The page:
How to survive networking events

If you’ve been given career advice lately, odds are it had something to do with networking. Everyone — from parents to professors to strangers you meet on the subway — is probably telling you the importance of networking. Unfortunately, the phrase, “you should really be networking,” is rarely followed up with practical advice about how to network.

While the Internet has given rise to new forms of professional networking, at their core they all stem from old-school face-to-face connections. That’s why, if you’re going to effectively network in your professional life, you must first master the in-the-flesh networking event. If that thought scares you, fret not. Here are tips to ensure that your first real networking event isn’t a disaster.

Dress to impress
This one should be pretty obvious. You’re there to make an impression and meet potential professional contacts. When someone hears about a potential job opening that you’d be great for, do you want his mental image of you to be as a poorly-groomed slob?

Don’t forget business cards
As a young job seeker, you probably don’t have your own business cards yet, but that wouldn’t stop a motivated self-starter, now would it? Put some weight behind your words, and print up a few of your own design. It’s important that the people you meet at a networking event are able to stay in touch with you.

Take notes
While notebooks may not be appropriate depending on the event, you should always have a pen on you. That way, when others hand you their business cards, you can jot down a quick note. Even something as simple as where and when you met them can do wonders for your memory when you’re sifting through all the information you’ve gathered once you get home.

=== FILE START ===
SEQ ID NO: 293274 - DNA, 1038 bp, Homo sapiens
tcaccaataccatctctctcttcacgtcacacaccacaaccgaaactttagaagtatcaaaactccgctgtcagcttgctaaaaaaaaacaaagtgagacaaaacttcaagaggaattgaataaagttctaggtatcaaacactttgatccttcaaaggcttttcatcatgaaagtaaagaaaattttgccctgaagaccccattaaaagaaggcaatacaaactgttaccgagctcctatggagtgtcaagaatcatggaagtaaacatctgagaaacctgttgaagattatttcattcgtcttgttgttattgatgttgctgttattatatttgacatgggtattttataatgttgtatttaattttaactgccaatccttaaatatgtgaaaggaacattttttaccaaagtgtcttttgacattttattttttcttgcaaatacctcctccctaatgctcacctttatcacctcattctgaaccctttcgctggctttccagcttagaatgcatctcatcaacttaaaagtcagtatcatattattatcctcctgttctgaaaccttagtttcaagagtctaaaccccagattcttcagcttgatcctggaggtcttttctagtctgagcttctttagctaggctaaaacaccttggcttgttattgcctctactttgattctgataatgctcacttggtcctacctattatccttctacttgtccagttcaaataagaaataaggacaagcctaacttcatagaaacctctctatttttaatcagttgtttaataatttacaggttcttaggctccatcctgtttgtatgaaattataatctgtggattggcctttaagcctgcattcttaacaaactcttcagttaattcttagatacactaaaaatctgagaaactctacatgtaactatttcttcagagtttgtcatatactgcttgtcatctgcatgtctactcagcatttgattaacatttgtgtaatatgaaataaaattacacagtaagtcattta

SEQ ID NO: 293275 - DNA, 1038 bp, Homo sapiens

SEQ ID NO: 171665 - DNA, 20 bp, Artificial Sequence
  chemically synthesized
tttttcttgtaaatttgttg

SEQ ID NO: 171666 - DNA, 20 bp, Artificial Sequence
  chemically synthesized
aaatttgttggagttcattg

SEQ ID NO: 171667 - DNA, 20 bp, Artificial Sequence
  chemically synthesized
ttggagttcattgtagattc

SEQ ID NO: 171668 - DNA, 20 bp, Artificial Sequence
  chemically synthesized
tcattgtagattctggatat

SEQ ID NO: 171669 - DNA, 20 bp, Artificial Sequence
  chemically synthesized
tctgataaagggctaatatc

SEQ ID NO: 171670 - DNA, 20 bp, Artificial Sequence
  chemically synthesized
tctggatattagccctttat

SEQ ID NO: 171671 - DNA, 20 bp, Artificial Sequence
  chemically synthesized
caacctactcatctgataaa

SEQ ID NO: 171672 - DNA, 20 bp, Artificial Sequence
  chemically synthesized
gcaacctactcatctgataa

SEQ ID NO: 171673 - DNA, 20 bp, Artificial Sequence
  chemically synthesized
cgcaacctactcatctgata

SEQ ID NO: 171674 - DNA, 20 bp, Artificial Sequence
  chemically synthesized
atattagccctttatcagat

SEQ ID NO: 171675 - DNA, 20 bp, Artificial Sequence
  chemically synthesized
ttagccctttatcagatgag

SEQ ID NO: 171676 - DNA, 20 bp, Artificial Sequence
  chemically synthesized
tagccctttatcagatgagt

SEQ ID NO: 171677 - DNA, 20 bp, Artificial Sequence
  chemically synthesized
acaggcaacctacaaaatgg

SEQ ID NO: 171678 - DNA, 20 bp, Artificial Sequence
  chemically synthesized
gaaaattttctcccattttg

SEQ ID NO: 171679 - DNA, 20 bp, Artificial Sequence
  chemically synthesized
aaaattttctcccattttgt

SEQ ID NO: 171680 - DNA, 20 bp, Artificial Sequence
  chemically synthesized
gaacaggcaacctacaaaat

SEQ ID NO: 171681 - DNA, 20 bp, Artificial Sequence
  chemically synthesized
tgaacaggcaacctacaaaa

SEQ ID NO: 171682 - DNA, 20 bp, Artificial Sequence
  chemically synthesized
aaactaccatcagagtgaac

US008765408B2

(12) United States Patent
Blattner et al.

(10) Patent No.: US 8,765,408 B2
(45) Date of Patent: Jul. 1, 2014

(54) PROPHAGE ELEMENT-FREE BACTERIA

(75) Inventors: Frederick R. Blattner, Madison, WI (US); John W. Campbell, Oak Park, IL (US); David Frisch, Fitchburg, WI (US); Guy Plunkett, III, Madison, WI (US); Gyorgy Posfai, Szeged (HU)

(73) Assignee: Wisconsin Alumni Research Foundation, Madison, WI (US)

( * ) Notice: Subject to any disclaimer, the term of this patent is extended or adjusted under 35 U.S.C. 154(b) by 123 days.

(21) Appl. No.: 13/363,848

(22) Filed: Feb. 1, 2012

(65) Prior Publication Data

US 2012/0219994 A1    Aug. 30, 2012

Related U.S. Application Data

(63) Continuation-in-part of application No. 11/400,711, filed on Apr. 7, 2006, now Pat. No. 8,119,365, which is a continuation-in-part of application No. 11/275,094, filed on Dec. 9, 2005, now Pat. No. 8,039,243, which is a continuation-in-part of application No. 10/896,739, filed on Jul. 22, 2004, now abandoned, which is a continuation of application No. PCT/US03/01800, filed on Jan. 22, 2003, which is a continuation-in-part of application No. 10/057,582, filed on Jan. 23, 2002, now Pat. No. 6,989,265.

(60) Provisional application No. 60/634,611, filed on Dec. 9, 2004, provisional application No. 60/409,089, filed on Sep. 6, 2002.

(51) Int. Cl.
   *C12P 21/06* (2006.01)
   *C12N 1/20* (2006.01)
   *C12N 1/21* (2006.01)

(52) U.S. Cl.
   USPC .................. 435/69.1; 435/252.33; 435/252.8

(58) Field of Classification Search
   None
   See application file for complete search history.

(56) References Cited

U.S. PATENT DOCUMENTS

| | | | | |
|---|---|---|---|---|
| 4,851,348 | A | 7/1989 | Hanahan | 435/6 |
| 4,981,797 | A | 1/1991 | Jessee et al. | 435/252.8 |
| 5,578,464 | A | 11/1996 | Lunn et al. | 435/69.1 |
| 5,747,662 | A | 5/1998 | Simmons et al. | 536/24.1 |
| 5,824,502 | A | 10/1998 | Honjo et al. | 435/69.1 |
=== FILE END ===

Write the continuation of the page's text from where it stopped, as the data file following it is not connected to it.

Don’t force a sale
It’s always a good idea to have an elevator pitch prepared, but it is equally important to know when to use it. Spouting off a pre-planned and carefully written speech may come off as a bit desperate and awkward at a networking event. Remember, elevator pitches are best used when you have only a short time to make an impression. Networking events tend to be a little longer than your average elevator trip.

Show interest
Listen to what others are saying, and prove it by commenting on their remarks or asking follow-up questions. This is a basic tenet of connecting with people, which is what you want to do at these events. You’re there to find ways you can be useful to other people, and you can’t accomplish this if you don’t listen. Another easy tip to make an impression and show off your listening skills is to introduce someone you just met to another individual you already know at the event.

Keep in touch
Following up can be one of the most daunting parts of a networking event, but it’s also one of the most important. If you don’t follow up with new contacts within 48 hours of the event, it’s likely that they will forget meeting you. Reintroduce yourself and solidify the connection by reminding them what you talked about at the meeting. In some cases, it may be appropriate to suggest meeting again to continue the conversation, but in others a simple thank you may be enough.